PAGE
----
No amounts have been drawn on the Revolving Facility. As of March 31, 2017, we had approximately $2.7 million outstanding in letters of credit, leaving approximately $82.3 million available for drawing under the Revolving Facility. The Amended Senior Credit Facility also permits Regal Cinemas to borrow additional term loans thereunder in an amount of up to $200.0 million, plus additional amounts as would not cause the consolidated total leverage ratio of Regal Cinemas to exceed 3.00:1.00, in each case, subject to lenders providing additional commitments for such amounts and the satisfaction of certain other customary conditions. The obligations of Regal Cinemas are secured by, among other things, a lien on substantially all of its tangible and intangible personal property (including but not limited to accounts receivable, inventory, equipment, general intangibles, investment property, deposit and securities accounts, and intellectual property) and certain owned real property. The obligations under the Amended Senior Credit Facility are also guaranteed by certain subsidiaries of Regal Cinemas and secured by a lien on all or substantially all of such subsidiaries’ personal property and certain owned real property pursuant to that certain second amended and restated guaranty and collateral agreement, dated as of May 19, 2010, among Regal Cinemas, certain subsidiaries of Regal Cinemas party thereto and Credit Suisse AG (the “Amended Guaranty Agreement”). The obligations are further guaranteed by Regal Entertainment Holdings, Inc., on a limited recourse basis, with such guaranty being secured by a lien on the capital stock of Regal Cinemas.

Borrowings under the Amended Senior Credit Facility bear interest, at Regal Cinemas’ option, at either a base rate or an adjusted LIBOR rate (as defined in the Amended Senior Credit Facility) plus, in each case, an applicable margin of 1.50% in the case of base rate loans or 2.50% in the case of LIBOR rate loans. Interest is payable (a) in the case of base rate loans, quarterly in arrears, and (b) in the case of LIBOR rate loans, at the end of each interest period, but in no event less often than every 3 months. If, at any time, with respect to the New Term Loans, the adjusted LIBOR rate as defined in the Amended Senior Credit Facility would otherwise be lower than 0.75% per annum, the adjusted LIBOR rate with respect to the New Term Loans shall be deemed to be 0.75% per annum at such time.

As of March 31, 2017 and December 31, 2016, borrowings of $952.3 million (net of debt discount) and $954.7 million (net of debt discount), respectively, were outstanding under the New Term Loans at an effective interest rate of 3.73% (as of March 31, 2017) and 3.56% (as of December 31, 2016), after the impact of the interest rate swaps described in Note 10—"Derivative Instruments" is taken into account.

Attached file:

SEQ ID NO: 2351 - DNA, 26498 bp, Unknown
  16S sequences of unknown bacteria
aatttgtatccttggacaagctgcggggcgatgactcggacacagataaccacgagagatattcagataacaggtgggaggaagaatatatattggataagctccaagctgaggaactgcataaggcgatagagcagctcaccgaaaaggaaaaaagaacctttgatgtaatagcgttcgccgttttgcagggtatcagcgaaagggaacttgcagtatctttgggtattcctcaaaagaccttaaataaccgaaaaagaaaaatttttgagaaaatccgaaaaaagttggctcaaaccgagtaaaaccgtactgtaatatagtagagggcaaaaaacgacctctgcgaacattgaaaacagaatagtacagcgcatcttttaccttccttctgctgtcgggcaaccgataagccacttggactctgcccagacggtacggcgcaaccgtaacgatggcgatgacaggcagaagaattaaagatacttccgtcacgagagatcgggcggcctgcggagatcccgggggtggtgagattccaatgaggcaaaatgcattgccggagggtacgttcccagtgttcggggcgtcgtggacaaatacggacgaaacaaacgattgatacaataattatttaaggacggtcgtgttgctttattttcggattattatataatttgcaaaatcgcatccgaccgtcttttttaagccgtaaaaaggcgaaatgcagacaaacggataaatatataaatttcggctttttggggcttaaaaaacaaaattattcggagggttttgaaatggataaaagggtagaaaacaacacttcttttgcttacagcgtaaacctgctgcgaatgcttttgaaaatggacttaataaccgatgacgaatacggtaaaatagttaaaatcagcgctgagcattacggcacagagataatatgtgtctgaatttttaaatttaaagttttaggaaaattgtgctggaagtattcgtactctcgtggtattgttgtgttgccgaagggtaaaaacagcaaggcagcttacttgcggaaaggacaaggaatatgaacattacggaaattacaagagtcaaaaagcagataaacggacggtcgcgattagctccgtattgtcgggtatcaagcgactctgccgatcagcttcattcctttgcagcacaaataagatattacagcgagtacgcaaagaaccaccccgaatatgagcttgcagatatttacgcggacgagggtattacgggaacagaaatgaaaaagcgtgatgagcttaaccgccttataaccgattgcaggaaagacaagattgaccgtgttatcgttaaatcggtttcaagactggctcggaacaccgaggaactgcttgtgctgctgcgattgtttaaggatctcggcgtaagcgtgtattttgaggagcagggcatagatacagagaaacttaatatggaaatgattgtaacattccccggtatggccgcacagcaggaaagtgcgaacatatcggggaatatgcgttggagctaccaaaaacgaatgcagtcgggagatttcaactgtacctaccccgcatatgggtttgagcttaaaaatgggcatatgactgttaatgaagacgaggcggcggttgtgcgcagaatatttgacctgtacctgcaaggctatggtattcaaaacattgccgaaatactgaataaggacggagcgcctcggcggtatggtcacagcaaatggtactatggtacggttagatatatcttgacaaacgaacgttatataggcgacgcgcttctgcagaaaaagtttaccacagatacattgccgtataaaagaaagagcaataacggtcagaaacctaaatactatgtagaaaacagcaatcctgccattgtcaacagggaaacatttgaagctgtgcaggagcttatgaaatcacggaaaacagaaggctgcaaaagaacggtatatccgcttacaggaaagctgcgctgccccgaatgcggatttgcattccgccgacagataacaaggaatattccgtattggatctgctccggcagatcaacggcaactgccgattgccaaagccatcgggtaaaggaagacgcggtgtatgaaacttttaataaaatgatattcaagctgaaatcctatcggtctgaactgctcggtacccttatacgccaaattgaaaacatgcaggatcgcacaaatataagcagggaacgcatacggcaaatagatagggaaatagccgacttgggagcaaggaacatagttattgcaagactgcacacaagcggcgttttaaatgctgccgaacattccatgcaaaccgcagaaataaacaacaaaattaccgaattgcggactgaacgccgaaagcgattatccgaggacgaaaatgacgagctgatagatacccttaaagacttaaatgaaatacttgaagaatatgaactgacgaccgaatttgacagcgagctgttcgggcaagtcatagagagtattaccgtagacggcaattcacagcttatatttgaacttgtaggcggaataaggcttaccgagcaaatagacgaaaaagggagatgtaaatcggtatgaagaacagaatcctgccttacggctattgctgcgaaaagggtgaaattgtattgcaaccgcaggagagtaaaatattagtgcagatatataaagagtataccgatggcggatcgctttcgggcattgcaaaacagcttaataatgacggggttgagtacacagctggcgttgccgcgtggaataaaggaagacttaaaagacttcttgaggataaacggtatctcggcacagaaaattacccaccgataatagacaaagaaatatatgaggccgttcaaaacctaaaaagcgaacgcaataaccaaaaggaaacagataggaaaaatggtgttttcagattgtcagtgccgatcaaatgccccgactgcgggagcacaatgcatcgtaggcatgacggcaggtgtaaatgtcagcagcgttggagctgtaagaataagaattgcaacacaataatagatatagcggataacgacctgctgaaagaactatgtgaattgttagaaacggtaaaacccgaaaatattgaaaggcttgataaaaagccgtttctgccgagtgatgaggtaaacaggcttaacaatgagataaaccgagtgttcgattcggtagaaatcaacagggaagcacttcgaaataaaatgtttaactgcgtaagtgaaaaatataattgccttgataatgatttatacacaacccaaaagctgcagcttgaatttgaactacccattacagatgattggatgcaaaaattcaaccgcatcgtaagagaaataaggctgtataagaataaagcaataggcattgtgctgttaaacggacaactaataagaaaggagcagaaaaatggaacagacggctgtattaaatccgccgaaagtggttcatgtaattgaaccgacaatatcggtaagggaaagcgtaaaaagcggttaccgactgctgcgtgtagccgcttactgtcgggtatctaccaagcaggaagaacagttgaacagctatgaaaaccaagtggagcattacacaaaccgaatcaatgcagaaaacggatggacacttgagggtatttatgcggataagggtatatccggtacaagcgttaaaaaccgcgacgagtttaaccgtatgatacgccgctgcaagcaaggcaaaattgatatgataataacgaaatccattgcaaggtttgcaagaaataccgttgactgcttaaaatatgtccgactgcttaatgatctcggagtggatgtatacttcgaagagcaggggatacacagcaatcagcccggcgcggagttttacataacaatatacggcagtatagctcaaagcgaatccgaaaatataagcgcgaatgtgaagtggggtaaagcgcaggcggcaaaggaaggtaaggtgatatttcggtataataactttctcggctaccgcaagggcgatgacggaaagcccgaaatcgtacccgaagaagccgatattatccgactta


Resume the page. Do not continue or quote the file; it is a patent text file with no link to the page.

For further discussion of the Amended Senior Credit Facility, please refer to Note 5 to the 2016 Audited Consolidated Financial Statements and incorporated by reference herein.

Regal 53/4% Senior Notes Due 2022—On March 11, 2014, Regal issued $775.0 million in aggregate principal amount of its 53/4% senior notes due 2022 (the “53/4% Senior Notes Due 2022”) in a registered public offering. The 53/4% Senior Notes Due 2022 bear interest at a rate of 5.75% per year, payable semiannually in arrears on March 15 and September 15 of each year, beginning September 15, 2014. The 53/4% Senior Notes Due 2022 will mature on March 15, 2022.

The 53/4% Senior Notes Due 2022 are the Company’s senior unsecured obligations and rank equal in right of payment with all of the Company’s existing and future senior unsecured indebtedness and prior to all of the Company’s future subordinated indebtedness. The 53/4% Senior Notes Due 2022 are effectively subordinated to all of the Company’s future secured indebtedness to the extent of the value of the collateral securing that indebtedness and structurally subordinated to all existing and future indebtedness and other liabilities of the Company’s subsidiaries. None of the Company’s subsidiaries guaranty any of the Company’s obligations with respect to the 53/4% Senior Notes Due 2022.

For further discussion of the 53/4% Senior Notes Due 2022, please refer to Note 5 to the 2016 Audited Consolidated Financial Statements and incorporated by reference herein.

Regal 53/4% Senior Notes Due 2025—On January 17, 2013, Regal issued $250.0 million in aggregate principal amount of its 53/4% senior notes due 2025 (the "53/4% Senior Notes Due 2025") in a registered public offering. The 53/4% Senior Notes Due 2025 bear interest at a rate of 5.75% per year, payable semiannually in arrears on February 1 and August 1 of each year, beginning August 1, 2013. The 53/4% Senior Notes Due 2025 will mature on February 1, 2025.

The 53/4% Senior Notes Due 2025 are the Company's senior unsecured obligations. They rank equal in right of payment with all of the Company's existing and future senior unsecured indebtedness and prior to all of the Company's future subordinated